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Towed-float GPS telemetry: a tool to assess movement patterns and habitat use of juvenile stingrays

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dc.contributor Coll Sci & Engn
dc.contributor James Cook University
dc.contributor Australian Inst Marine Sci
dc.contributor Australian Institute Of Marine Science
dc.contributor James Cook Univ
dc.contributor Ctr Sustainable Trop Fisheries & Aquaculture
dc.contributor.author CHIN, A.
dc.contributor.author HEUPEL, M. R.
dc.contributor.author SIMPFENDORTER, C. A.
dc.contributor.author MARTINS, A. P. B.
dc.contributor.author OAKLEY-COGAN, A.
dc.date.accessioned 2019-12-29T18:23:46Z
dc.date.accessioned 2019-12-29T18:23:46Z
dc.date.accessioned 2020-01-16T06:16:14Z
dc.date.available 2019-12-29T18:23:46Z
dc.date.available 2019-12-29T18:23:46Z
dc.date.available 2020-01-16T06:16:14Z
dc.date.issued 2020-01-01
dc.identifier.citation Martins APB, Heupel MR, Oakley-Cogan A, Chin A, Simpfendorter CA (2020) Towed-float GPS telemetry: a tool to assess movement patterns and habitat use of juvenile stingrays. Marine and Freshwater Research 71: 89-98
dc.identifier.issn 1323-1650
dc.identifier.uri http://epubs.aims.gov.au/11068/15636
dc.description.abstract GPS telemetry provides high-accuracy spatial data on animal movement; however, it has rarely been used with benthic organisms, such as stingrays, because of their irregular surfacing behaviour or bottom-dwelling habits. This study evaluated the use of towed-float GPS tags to assess movements of juvenile stingrays, with active tracking performed simultaneously for comparison. Four juvenile Urogymnus granulatus individuals (2 females and 2 males; average 32.2-cm disc width) were tracked in April 2016. Individuals travelled 1332.15 +/- 269.58 m south-east across Pioneer Bay at an average speed of 6.87 m min(-1) in 3.7 h. Stationary tests demonstrated that the quality of the data obtained by towed-float GPS tags could not be matched by active, acoustic or ARGOS telemetry, reaching, on average, 99% of successful fixes and <15-m accuracy. Location error varied significantly based on the number of satellites detected, with error decreasing as the satellite number increased. This study demonstrated the potential of towed-float GPS telemetry for high-resolution assessment of movement patterns and habitat use of juvenile stingrays in shallow coastal water. If well applied, this technique can increase our knowledge of juvenile stingray ecology and their essential habitats.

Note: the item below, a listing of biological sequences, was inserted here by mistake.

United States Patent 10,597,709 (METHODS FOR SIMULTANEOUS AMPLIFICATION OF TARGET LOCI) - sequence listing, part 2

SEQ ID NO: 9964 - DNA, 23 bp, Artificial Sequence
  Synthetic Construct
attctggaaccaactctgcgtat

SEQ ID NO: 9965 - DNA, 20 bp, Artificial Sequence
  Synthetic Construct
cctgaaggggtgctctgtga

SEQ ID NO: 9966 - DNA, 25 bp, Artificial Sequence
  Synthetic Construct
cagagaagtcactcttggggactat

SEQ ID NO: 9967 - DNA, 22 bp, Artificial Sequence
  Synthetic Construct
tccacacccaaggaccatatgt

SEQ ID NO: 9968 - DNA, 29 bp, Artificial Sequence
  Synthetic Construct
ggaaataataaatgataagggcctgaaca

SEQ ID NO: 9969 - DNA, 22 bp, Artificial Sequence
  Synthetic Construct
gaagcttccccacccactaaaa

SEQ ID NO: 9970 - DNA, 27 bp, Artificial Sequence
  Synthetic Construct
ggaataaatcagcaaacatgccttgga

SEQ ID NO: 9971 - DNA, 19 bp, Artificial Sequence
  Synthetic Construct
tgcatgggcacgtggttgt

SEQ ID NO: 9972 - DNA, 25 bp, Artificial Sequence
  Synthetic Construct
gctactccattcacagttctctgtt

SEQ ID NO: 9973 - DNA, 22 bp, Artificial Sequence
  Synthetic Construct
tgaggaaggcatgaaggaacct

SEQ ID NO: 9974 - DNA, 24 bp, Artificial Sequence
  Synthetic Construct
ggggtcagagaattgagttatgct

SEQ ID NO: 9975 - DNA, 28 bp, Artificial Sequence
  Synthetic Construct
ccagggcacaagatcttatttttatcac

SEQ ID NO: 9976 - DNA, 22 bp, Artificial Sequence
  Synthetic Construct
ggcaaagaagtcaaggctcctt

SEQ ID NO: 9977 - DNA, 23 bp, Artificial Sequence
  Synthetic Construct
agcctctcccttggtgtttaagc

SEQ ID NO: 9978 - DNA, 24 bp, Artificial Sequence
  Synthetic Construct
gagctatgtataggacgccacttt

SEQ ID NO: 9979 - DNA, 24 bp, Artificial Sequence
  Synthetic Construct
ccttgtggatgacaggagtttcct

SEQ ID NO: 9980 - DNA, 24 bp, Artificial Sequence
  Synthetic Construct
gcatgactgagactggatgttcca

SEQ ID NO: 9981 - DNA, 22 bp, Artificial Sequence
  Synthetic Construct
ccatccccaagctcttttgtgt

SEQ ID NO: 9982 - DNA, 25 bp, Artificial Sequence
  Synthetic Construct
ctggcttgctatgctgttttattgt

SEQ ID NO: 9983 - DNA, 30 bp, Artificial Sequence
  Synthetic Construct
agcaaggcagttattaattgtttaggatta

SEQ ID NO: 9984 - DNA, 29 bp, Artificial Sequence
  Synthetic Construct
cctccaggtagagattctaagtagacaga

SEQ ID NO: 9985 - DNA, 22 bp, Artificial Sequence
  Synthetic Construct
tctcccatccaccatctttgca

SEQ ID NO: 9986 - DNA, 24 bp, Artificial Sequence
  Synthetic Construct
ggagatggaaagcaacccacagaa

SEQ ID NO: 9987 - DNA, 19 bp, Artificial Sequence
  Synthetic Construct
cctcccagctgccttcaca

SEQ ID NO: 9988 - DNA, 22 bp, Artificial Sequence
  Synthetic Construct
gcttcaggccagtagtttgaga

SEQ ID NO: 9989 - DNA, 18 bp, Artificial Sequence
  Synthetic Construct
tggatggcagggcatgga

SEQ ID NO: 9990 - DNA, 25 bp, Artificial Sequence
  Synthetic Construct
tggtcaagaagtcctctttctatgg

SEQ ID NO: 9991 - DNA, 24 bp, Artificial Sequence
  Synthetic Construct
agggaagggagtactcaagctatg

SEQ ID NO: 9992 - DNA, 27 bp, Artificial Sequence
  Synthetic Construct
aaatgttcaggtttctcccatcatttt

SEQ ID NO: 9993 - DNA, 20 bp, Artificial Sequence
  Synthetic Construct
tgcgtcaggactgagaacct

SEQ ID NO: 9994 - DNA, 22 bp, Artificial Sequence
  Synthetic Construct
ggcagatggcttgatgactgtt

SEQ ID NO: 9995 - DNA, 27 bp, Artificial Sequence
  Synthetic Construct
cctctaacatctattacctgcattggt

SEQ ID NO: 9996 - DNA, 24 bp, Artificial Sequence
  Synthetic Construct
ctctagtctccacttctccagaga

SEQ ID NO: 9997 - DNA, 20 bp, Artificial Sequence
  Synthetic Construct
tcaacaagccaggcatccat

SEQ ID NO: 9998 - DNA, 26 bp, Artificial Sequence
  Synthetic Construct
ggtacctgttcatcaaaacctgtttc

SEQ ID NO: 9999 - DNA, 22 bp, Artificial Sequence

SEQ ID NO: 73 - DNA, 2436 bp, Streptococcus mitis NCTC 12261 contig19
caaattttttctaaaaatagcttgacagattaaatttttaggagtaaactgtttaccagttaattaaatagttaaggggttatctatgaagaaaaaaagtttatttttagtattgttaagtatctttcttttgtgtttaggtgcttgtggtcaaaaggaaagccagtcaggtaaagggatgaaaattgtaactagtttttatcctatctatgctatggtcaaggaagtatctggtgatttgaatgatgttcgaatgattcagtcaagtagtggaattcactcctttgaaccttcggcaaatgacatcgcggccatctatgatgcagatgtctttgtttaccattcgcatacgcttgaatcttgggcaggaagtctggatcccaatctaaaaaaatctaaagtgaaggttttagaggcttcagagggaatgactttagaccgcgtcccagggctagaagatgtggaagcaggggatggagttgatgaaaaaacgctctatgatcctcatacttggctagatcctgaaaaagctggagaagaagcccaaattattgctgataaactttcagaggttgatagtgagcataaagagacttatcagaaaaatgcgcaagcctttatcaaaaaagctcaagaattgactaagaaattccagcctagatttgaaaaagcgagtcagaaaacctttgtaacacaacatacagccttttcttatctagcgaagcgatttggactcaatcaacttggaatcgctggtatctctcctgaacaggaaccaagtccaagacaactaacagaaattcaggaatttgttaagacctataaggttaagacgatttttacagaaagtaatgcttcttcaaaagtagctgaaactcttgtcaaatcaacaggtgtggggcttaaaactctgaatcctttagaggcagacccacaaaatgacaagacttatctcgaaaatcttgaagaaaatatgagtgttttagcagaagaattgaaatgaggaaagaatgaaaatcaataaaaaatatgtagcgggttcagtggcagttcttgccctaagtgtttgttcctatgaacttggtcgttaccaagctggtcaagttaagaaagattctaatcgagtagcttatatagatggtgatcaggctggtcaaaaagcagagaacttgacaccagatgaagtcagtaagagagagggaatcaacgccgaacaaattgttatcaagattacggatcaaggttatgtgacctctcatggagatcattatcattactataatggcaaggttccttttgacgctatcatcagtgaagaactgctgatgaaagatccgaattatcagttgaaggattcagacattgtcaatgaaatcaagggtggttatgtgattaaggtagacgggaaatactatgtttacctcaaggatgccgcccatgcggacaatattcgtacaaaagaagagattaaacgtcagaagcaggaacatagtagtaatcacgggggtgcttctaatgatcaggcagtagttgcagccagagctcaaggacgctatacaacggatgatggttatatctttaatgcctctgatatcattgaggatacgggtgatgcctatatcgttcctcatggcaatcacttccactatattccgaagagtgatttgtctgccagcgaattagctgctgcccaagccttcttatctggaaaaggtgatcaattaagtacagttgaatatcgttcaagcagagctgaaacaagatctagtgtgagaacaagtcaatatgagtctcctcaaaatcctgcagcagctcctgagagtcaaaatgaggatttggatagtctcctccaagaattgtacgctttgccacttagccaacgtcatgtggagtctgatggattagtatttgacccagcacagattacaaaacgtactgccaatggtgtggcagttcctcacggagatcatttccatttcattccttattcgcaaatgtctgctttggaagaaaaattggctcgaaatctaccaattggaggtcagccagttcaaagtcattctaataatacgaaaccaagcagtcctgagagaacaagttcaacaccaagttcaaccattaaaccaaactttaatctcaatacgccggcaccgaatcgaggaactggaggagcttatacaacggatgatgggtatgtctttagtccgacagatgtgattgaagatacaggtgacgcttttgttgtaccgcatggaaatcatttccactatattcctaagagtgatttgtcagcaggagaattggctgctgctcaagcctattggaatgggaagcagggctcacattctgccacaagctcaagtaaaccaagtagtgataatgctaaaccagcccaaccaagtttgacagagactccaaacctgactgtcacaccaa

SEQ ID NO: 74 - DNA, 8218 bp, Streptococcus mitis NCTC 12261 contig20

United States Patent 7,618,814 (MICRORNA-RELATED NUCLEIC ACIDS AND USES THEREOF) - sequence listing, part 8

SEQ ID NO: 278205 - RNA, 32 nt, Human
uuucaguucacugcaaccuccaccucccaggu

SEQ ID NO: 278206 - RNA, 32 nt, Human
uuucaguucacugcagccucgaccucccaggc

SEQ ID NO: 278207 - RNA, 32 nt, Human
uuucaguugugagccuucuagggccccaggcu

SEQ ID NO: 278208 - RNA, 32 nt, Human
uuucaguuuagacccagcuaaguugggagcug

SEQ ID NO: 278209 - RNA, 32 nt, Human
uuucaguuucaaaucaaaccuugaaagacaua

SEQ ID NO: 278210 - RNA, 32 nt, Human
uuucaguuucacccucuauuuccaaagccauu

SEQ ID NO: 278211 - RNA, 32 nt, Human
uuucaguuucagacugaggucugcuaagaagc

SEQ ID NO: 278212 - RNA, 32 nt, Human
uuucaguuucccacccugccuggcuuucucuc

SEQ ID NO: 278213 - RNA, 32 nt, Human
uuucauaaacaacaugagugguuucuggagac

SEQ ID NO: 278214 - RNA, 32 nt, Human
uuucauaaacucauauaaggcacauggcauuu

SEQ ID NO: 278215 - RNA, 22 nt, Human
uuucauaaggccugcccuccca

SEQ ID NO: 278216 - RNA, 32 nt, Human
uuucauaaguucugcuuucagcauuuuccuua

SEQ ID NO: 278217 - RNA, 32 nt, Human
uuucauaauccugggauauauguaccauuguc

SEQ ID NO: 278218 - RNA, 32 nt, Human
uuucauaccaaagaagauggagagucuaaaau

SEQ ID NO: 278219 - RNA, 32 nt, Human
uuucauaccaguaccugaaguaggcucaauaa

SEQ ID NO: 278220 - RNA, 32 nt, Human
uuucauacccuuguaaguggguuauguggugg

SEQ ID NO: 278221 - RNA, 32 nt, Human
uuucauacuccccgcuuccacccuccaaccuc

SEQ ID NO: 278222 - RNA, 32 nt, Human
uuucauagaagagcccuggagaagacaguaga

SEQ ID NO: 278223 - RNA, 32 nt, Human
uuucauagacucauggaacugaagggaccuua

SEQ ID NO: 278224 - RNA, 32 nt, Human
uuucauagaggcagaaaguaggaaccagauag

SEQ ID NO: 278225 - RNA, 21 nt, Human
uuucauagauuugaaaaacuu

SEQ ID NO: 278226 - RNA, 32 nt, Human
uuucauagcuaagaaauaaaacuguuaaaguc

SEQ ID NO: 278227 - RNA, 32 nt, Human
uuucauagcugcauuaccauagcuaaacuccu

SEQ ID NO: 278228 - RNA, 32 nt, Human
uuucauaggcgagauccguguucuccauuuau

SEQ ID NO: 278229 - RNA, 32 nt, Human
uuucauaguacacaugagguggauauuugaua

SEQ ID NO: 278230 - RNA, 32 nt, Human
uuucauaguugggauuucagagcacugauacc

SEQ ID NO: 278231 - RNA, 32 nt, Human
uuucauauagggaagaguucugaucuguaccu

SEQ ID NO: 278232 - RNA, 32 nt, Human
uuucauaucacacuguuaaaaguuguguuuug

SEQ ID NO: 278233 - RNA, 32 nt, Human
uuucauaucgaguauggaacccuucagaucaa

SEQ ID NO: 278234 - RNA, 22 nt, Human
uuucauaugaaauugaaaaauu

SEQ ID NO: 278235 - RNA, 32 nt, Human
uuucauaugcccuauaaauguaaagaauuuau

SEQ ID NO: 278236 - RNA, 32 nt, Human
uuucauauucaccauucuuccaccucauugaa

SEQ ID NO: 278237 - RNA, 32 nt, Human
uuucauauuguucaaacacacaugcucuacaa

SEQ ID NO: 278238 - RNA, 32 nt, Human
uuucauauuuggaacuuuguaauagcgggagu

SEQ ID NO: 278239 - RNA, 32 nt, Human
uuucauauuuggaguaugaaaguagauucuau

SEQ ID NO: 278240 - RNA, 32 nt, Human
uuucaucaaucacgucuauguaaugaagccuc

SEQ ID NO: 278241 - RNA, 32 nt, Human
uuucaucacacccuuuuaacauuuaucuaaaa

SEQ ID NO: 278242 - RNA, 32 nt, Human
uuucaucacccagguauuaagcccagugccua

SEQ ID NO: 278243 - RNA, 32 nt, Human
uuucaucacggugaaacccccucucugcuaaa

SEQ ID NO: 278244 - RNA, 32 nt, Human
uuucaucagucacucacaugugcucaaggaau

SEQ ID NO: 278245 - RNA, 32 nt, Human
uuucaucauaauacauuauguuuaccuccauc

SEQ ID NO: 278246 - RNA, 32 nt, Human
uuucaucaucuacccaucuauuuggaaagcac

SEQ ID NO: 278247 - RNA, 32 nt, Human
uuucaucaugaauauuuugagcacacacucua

dc.description.sponsorship The authors gratefully acknowledge James Cook University and CAPES Foundation for their financial support. Additional funding was granted to P. A. B. Martins by AIMS@JCU and James Cook University's College of Science and Engineering.
dc.language English
dc.subject Marine & Freshwater Biology
dc.subject Behavior
dc.subject Satellite Telemetry
dc.subject Reef
dc.subject Limnology
dc.subject Urogymnus Granulatus
dc.subject Sharks
dc.subject Rays
dc.subject Tracking
dc.subject Elasmobranch
dc.subject Precision
dc.subject Australia
dc.subject Oceanography
dc.subject Fisheries
dc.subject Biotelemetry
dc.subject Accuracy
dc.title Towed-float GPS telemetry: a tool to assess movement patterns and habitat use of juvenile stingrays
dc.type journal article
dc.identifier.doi 10.1071/MF19048
dc.identifier.wos WOS:000502266400007


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